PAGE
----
Cover image for The run : a novel
The run : a novel
Woods, Stuart.
Personal Author:
First edition.
Publication Information:
New York : HarperCollins Publishers, [2000]

Physical Description:
356 pages ; 25 cm
Format :


Call Number
Material Type
Home Location
Central Library X Adult Fiction Central Library
Newstead Library X Adult Fiction Open Shelf
Alden Ewell Free Library X Adult Fiction Mystery/Suspense
Boston Free Library X Adult Fiction Open Shelf
Clarence Library X Adult Fiction Open Shelf
Collins Library X Adult Fiction Open Shelf
Concord Library X Adult Fiction Open Shelf
Eggertsville-Snyder Library X Adult Fiction Mystery/Suspense
Grand Island Library X Adult Fiction Open Shelf
Kenmore Library X Adult Fiction Open Shelf
Lancaster Library X Adult Fiction Open Shelf
Orchard Park Library X Adult Fiction Open Shelf
Anna M. Reinstein Library X Adult Fiction Open Shelf
Julia Boyer Reinstein Library X Adult Fiction Open Shelf
Audubon Library X Adult Fiction Open Shelf

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New York Times bestselling author Stuart Woods continues to enthrall readers from coast to coast with his fast-paced, gripping stories and intriguing characters that have left his millions of fans clamoring for more. In his latest novel, this inventive writer brings back one of his most popular characters in a stunning thriller of politics, power, passion, and revenge.

Will Lee, the hero of the acclaimed national bestsellers Run Before the Wind and Grassroots, has finally established himself at the heart of American government as the respected senator from his home state of Georgia. Then a cruel stroke of fate thrusts him onto the national stage, well before he expects to be and long before he is ready for a national campaign.

The road to the White House, however, will be more treacherous than Will and Kate, his intelligent, strikingly beautiful wife and an associate director in the Central Intelligence Agency, can imagine. A decent, courageous, and principled man, Will soon learns he has more than one opponent with whom he must contend. Thrust into the national spotlight as never before, he becomes the target of clandestine forces from the past that will use all their money and influence to stop him--dead--in his tracks. Now Will isn't just running for president...he's running for his life.

Filled with all the suspense and rollercoaster plot twists that have become Stuart Woods's trademork, The Run is this master storyteller at his page-turning best.

Author Notes

Stuart Woods was born in Manchester, Georgia on January 9, 1938. He received a B. A in sociology from the University of Georgia in 1959. He worked in the advertising business and eventually wrote two non-fiction books entitled Blue Water, Green Skipper and A Romantic's Guide to the Country Inns of Britain and Ireland. His first novel, Chiefs, was published in 1981. It won an Edgar Award and was made into a TV miniseries starring Charlton Heston. His other works include the Stone Barrington series, the Holly Barker series, the Will Lee series, the Ed Eagle series, the Rick Barron series and the Teddy Fay series. He won France's Prix de Literature Policiere for Imperfect Strangers.

(Bowker Author Biography)

Reviews 3

Booklist Review

In this sequel to Grass Roots (1989), Woods gives us another strong and suspenseful political thriller. The novel's premise is certainly unusual, perhaps even slightly contrived: first, the vice-president of the U.S. reveals that he has been diagnosed with Alzheimer's disease; shortly thereafter, the president suffers a stroke that puts him in a coma, and the vice-president is forced to assume the presidency. Now Senator Will Lee is faced with a tough choice: announce his own candidacy for the presidency in 2000, or hold off in anticipation of taking over the vice-presidency. In lesser hands, this novel might have collapsed under the weight of its own setup, but Woods is a careful, talented writer, and he makes his unlikely premise seem entirely plausible. What follows is a clever, well-constructed story of political ambition and behind-the-scenes skulduggery that should please not only Woods' fans but anyone who loves good political fiction. Although the novel doesn't have the depth or intensity of Robert Penn Warren's All the King's Men, there are echoes here of that Pulitzer Prize^-winning classic, as there are of Allen Drury's ever-popular political melodrama, Advise and Consent. A smart, satisfying thriller that offers a timely and shrewd assessment of the American political process. --David PittAdult Books Young adult recommendations in this issue have been contributed by the Books for Youth editorial staff and by reviewers Patty Engelmann, Sally Estes, Leone McDermott, Karen Simonetti, Candace Smith, and Linda Waddle. Titles recommended for teens are marked with the following symbols: YA, for books of general YA interest; YA/C, for books with particular curriculum value; YA/L, for books with a limited teenage audience; YA/M, for books best suited to mature teens.

Publisher's Weekly Review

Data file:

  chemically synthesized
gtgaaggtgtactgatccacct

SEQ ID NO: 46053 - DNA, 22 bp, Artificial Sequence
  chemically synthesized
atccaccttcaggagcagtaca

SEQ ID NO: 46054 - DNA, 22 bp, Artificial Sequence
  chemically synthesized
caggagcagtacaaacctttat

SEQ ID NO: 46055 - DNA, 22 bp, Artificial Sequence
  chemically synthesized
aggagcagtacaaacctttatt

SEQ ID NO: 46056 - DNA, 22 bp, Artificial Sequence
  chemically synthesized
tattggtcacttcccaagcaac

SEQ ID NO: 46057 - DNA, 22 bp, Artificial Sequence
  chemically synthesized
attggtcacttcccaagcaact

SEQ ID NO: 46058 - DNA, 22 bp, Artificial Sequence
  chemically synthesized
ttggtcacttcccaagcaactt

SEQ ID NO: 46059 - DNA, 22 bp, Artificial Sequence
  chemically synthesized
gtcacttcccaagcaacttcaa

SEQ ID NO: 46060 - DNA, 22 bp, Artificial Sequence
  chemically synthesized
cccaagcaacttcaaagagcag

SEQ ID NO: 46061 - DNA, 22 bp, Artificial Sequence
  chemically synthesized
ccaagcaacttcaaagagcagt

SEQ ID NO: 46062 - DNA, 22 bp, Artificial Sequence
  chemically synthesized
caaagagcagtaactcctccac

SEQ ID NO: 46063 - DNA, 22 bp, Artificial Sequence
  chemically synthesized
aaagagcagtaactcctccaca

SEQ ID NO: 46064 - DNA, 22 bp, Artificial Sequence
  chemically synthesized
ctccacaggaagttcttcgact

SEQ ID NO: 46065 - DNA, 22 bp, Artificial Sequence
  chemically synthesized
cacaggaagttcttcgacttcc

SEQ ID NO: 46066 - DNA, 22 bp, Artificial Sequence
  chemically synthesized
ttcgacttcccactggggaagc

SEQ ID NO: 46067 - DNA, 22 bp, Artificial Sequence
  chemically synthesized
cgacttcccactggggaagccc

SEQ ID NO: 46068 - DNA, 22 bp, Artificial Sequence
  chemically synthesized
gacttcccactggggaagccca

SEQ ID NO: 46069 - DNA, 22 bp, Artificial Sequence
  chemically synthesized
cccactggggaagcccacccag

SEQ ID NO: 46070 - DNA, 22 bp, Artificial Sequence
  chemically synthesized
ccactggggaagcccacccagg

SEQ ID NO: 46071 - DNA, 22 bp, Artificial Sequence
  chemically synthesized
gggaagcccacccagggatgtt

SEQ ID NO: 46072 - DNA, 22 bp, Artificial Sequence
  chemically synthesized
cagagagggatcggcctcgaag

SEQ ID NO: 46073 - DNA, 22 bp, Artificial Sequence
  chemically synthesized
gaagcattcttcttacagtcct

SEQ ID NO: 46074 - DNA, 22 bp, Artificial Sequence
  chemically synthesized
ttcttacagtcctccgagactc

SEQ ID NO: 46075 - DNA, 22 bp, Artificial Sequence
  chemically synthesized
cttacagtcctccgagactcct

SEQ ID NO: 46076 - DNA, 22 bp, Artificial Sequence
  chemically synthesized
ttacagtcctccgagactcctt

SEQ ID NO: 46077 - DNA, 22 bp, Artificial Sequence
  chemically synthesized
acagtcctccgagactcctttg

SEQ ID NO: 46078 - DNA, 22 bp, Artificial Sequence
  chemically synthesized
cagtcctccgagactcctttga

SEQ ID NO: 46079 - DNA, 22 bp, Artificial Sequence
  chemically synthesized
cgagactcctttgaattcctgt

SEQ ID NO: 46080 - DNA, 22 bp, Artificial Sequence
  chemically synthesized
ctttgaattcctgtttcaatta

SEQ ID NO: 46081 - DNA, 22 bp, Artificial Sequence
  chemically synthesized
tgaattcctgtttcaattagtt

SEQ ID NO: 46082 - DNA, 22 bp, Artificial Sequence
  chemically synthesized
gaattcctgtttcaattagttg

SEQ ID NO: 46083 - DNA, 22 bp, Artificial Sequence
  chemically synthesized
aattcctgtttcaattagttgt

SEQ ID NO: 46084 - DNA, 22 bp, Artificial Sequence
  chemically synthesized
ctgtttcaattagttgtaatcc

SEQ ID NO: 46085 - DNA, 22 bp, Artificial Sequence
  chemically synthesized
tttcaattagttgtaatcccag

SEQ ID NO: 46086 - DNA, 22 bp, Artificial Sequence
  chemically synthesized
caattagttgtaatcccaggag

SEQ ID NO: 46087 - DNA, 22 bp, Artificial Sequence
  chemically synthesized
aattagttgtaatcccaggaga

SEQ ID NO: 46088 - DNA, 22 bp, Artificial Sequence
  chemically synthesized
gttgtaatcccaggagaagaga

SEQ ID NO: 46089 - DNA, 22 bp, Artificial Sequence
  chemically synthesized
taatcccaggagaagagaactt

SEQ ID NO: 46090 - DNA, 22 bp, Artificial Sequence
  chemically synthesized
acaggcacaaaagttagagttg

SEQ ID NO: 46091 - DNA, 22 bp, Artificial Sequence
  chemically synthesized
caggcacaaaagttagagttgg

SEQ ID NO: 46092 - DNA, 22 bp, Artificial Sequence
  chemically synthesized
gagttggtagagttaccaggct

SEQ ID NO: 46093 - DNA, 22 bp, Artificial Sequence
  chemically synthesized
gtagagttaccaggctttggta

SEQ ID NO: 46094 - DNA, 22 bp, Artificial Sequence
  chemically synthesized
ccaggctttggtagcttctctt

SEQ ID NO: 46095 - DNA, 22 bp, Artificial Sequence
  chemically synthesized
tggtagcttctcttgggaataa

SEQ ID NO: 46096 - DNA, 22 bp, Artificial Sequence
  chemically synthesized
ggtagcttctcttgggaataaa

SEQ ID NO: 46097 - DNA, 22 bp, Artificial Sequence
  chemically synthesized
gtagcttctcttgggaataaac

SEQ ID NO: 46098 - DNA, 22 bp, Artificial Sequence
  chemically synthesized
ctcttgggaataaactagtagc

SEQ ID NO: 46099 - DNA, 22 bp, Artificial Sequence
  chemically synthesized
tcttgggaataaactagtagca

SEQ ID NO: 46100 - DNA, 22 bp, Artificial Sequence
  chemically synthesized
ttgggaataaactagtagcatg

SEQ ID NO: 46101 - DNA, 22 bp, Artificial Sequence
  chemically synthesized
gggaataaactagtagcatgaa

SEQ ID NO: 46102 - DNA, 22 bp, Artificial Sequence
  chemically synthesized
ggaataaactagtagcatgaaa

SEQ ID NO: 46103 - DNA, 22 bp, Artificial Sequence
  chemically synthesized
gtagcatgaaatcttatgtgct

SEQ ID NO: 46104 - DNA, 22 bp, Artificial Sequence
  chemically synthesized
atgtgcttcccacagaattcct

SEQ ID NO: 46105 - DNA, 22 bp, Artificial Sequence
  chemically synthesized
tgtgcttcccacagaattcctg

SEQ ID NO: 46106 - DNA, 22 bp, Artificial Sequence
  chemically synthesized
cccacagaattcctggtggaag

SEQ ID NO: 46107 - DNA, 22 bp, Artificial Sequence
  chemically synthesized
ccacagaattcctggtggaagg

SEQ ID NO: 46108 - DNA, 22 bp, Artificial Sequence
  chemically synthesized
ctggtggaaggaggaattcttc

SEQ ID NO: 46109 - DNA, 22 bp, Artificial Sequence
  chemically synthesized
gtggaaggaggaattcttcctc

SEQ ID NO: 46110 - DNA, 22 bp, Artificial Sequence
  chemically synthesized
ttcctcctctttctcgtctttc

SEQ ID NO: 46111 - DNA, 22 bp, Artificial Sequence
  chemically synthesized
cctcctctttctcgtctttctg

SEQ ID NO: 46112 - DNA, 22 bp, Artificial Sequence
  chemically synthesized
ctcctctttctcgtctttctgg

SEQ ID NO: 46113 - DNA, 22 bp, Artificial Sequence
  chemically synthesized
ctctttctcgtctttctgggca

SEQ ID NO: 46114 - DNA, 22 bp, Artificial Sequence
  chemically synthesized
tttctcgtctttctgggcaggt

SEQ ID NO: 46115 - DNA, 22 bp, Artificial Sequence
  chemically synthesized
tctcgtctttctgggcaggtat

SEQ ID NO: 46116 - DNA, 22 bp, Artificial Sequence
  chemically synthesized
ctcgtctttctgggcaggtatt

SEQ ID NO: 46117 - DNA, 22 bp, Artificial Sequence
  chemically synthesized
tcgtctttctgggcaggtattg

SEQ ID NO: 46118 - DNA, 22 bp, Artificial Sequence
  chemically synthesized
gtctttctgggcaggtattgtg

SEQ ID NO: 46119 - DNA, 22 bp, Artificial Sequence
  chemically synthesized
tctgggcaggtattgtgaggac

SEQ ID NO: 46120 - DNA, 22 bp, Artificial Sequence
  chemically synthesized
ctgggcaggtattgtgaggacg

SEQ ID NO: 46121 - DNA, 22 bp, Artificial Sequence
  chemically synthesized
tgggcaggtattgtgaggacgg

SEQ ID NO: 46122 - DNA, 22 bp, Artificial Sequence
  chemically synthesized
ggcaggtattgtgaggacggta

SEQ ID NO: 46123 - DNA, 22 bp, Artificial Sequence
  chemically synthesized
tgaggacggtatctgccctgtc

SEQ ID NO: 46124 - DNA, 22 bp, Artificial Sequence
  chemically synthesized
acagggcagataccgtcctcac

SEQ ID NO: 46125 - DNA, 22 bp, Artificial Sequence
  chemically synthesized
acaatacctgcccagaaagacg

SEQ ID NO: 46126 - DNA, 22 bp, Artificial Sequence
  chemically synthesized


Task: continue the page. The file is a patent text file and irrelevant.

If at times a bit unbelievable, Wood's account of an idealistic politician's presidential campaign moves quickly and provides readers with many intriguing plot twists. By unusual circumstance, Will Lee, a well-respected senator from Georgia, is thrown into a run for the United States presidency. Though Will remains courageously true to his principles as campaign staffers cobble together his strategy, the path to the presidency proves fraught with difficulties and danger. For, in addition to unscrupulous political adversaries, Will must contend with an affair from 10 years past and an assassin from a right-wing militia group. Howard fluctuates between reading the story straight and acting out its characters. This is not a problem, however, as his pacing is superb and his deep voice is the perfect timbre for this suspenseful tale. Simultaneous release with the HarperCollins hardcover (Forecasts, Apr. 24). (June) (c) Copyright PWxyz, LLC. All rights reserved

Library Journal Review

From Chiefs to Grass Roots to The Run: popular Woods protagonist Sen. Will Lee gets ready for the presidency. (c) Copyright 2010. Library Journals LLC, a wholly owned subsidiary of Media Source, Inc. No redistribution permitted.



Run, The Chapter One United States Senator William Henry Lee IV and his wife, Katharine Rule Lee, drove away from their Georgetown house in their Chevrolet Suburban early on a December morning. There was the promise of snow in the air. Kate sipped coffee from an insulated mug and yawned. "Tell me again why we drive this enormous fucking car," she said. Will laughed. "I keep forgetting you're not a politician," he said. "We drive it because it is, by my reckoning, the least offensive motor vehicle manufactured in the state of Georgia, and because Georgia car workers and their union have shown the great wisdom to support your husband's candidacy in two elections." "Oh," she said. "Now I remember." "Good. I'm glad I won't have to put you in a home right before Christmas." He looked in the rearview mirror and saw another Suburban following them. "They're there," he said. "They're supposed to be." "How did they know?" "Because I called them last night and gave them our schedule." The week before there had been a terrorist attack on CIA employees as they had left the Agency's building in McLean, Virginia, and certain Agency officials had been given personal protection for a time; Kate Rule was the deputy director for intelligence, chief of all the CIA's analysts, and was, therefore, entitled. "Oh," Will replied, sipping his own coffee and heading north toward College Park, Maryland, and its airport. "They're not going to follow us all the way to Georgia, are they?" "I persuaded them that wouldn't be necessary." "Good." "It's a little like having Secret Service protection, isn't it?" she nudged. "Does it make you feel presidential?" "Nothing is going to make me feel presidential, at least for another nine years." "What about the cabinet? If Joe Adams is elected and wants you for Defense or State or something, will you leave the Senate?" Joseph Adams was vice president of the United States and the way-out-in-front leader for the Democratic Party's nomination for president the following year. "Joe and I have already talked about that. He says I can have anything I want, but he doesn't really mean it." "I always thought Joe was a pretty sincere guy," Kate said. "Oh, he is, and he was sincere with the half-dozen other guys he told the same thing. But I don't really have the foreign-policy credentials for State, and while I think I really could have Defense, I don't want it. I don't want to spend eight or even four years doing battle with both the military and Congress; the job killed James Forrestal and Les Aspin, and it's ground up a lot of others." "What about Justice? Your work on the Senate Judiciary Committee should stand you in good stead for that." "I think I could have Justice, if I were willing to fight for it tooth and nail, and there's a real opportunity to do some good work there." "Well?" "I think I'll stay in the Senate. Georgia's got a Republican governor at the moment, and if I left, he'd get to appoint my replacement, and we don't want that. Also, if Joe's elected, three or four top senators will leave to join the administration, among them the minority leader, and I'd have a real good shot at that job. And if we can win the Senate back, then the job would be majority leader, and that is very inviting." "It's the kind of job you could keep for the rest of your career," she said. "It is." "But you don't want to spend the rest of your career in the Senate, do you?" "You know I love the Senate." "Will, you've been awfully closemouthed about this, but I know damned well you want to be president." "One of these days, sure," Will replied. "You mean after Joe has served for eight years?" "I'd only be fifty-seven. Why not? I might even appoint you director of Central Intelligence." "Yeah, sure," she said. "The world would fall on you." "If Jack Kennedy could appoint Bobby attorney general, why couldn't I appoint my wife to be head of the CIA?" "Well, it's a nice thought, anyway," she said. "Listen, here's a thought; Joe's going to owe me after the election, and if I'm not going to ask him for a cabinet job, I could ask him to appoint you DCI." "Would you really do that?" "Let's just say that I know the candidate well and have the highest confidence in her. It's not as though you're not supremely well qualified." "Mmmmm. I like the sound of it." "Of course, I'd want my back scratched a lot if I pull this off, and I mean that in the literal, not the figurative sense." "I'll start growing my nails now." She laughed. "Promises, promises." "I think about it sometimes," she said. "Scratching my back? Less thought, more action!" "No, I mean your being president." "And what do you think when you think about it?" "Mostly about what a huge pain in the ass being first lady would be." "Oh, it might have its upside--weekends at Camp David, travel on Air Force One, that sort of thing." "I'd have to make a lot of speeches, and you know how I hate doing that." "Well, how about this? If Joe has already appointed you DCI, I could reappoint you. Then I could hire a first lady." "Just run an ad, you mean?" "Why not?" "Well, I must admit, the idea of being appointed and then reappointed has its appeal, but the substitute wife doesn't." "I'm glad to hear it." Will turned into the entrance of the little airport at College Park, which had been founded by the Wright Brothers and was located on the grounds of the University of Maryland. He drove down the taxiway to where his airplane was tied down, got out of the car, and unlocked the cabin door. The airplane was new, a Piper Malibu-Mirage, a six-seat, pressurized single-engine aircraft, loaded with the latest equipment. Will had traded his elderly Cessna for it a couple of months before, and it made trips back to Georgia a lot faster and more comfortable. Run, The . Copyright © by Stuart Woods. Reprinted by permission of HarperCollins Publishers, Inc. All rights reserved. Available now wherever books are sold. Excerpted from All rights reserved by the original copyright owners. Excerpts are provided for display purposes only and may not be reproduced, reprinted or distributed without the written permission of the publisher.